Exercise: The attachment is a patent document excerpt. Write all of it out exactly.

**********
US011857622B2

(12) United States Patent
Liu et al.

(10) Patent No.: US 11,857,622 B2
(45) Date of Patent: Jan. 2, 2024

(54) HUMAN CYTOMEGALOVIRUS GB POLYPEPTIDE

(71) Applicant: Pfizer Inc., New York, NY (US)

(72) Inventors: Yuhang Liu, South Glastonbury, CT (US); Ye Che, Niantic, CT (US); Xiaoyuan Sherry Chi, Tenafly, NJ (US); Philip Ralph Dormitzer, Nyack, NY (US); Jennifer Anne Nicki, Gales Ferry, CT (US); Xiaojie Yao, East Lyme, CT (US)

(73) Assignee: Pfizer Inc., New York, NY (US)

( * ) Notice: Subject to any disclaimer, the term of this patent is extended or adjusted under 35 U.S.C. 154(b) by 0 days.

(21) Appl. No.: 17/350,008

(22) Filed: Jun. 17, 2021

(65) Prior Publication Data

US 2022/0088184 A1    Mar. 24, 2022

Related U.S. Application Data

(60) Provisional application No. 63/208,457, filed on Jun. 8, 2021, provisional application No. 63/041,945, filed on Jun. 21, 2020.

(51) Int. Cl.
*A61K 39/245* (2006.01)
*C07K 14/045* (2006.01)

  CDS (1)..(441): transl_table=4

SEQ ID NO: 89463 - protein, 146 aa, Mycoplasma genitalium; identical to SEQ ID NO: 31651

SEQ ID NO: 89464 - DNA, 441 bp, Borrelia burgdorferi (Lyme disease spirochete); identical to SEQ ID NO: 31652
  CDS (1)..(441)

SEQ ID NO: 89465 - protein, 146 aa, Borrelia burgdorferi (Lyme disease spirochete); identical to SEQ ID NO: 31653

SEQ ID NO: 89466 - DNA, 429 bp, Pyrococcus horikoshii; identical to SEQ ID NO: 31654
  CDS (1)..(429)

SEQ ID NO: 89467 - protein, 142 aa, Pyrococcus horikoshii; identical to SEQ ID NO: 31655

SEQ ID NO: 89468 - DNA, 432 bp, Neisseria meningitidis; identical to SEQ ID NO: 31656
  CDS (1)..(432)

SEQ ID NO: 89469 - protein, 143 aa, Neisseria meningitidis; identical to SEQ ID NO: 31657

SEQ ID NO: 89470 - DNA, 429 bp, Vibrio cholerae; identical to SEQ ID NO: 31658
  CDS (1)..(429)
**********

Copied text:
US011857622B2

(12) United States Patent
Liu et al.

(10) Patent No.: US 11,857,622 B2
(45) Date of Patent: Jan. 2, 2024

(54) HUMAN CYTOMEGALOVIRUS GB POLYPEPTIDE

(71) Applicant: Pfizer Inc., New York, NY (US)

(72) Inventors: Yuhang Liu, South Glastonbury, CT (US); Ye Che, Niantic, CT (US); Xiaoyuan Sherry Chi, Tenafly, NJ (US); Philip Ralph Dormitzer, Nyack, NY (US); Jennifer Anne Nicki, Gales Ferry, CT (US); Xiaojie Yao, East Lyme, CT (US)

(73) Assignee: Pfizer Inc., New York, NY (US)

( * ) Notice: Subject to any disclaimer, the term of this patent is extended or adjusted under 35 U.S.C. 154(b) by 0 days.

(21) Appl. No.: 17/350,008

(22) Filed: Jun. 17, 2021

(65) Prior Publication Data

US 2022/0088184 A1    Mar. 24, 2022

Related U.S. Application Data

(60) Provisional application No. 63/208,457, filed on Jun. 8, 2021, provisional application No. 63/041,945, filed on Jun. 21, 2020.

(51) Int. Cl.
*A61K 39/245* (2006.01)
*C07K 14/045* (2006.01)

  CDS (1)..(441): transl_table=4

SEQ ID NO: 89463 - protein, 146 aa, Mycoplasma genitalium; identical to SEQ ID NO: 31651

SEQ ID NO: 89464 - DNA, 441 bp, Borrelia burgdorferi (Lyme disease spirochete); identical to SEQ ID NO: 31652
  CDS (1)..(441)

SEQ ID NO: 89465 - protein, 146 aa, Borrelia burgdorferi (Lyme disease spirochete); identical to SEQ ID NO: 31653

SEQ ID NO: 89466 - DNA, 429 bp, Pyrococcus horikoshii; identical to SEQ ID NO: 31654
  CDS (1)..(429)

SEQ ID NO: 89467 - protein, 142 aa, Pyrococcus horikoshii; identical to SEQ ID NO: 31655

SEQ ID NO: 89468 - DNA, 432 bp, Neisseria meningitidis; identical to SEQ ID NO: 31656
  CDS (1)..(432)

SEQ ID NO: 89469 - protein, 143 aa, Neisseria meningitidis; identical to SEQ ID NO: 31657

SEQ ID NO: 89470 - DNA, 429 bp, Vibrio cholerae; identical to SEQ ID NO: 31658
  CDS (1)..(429)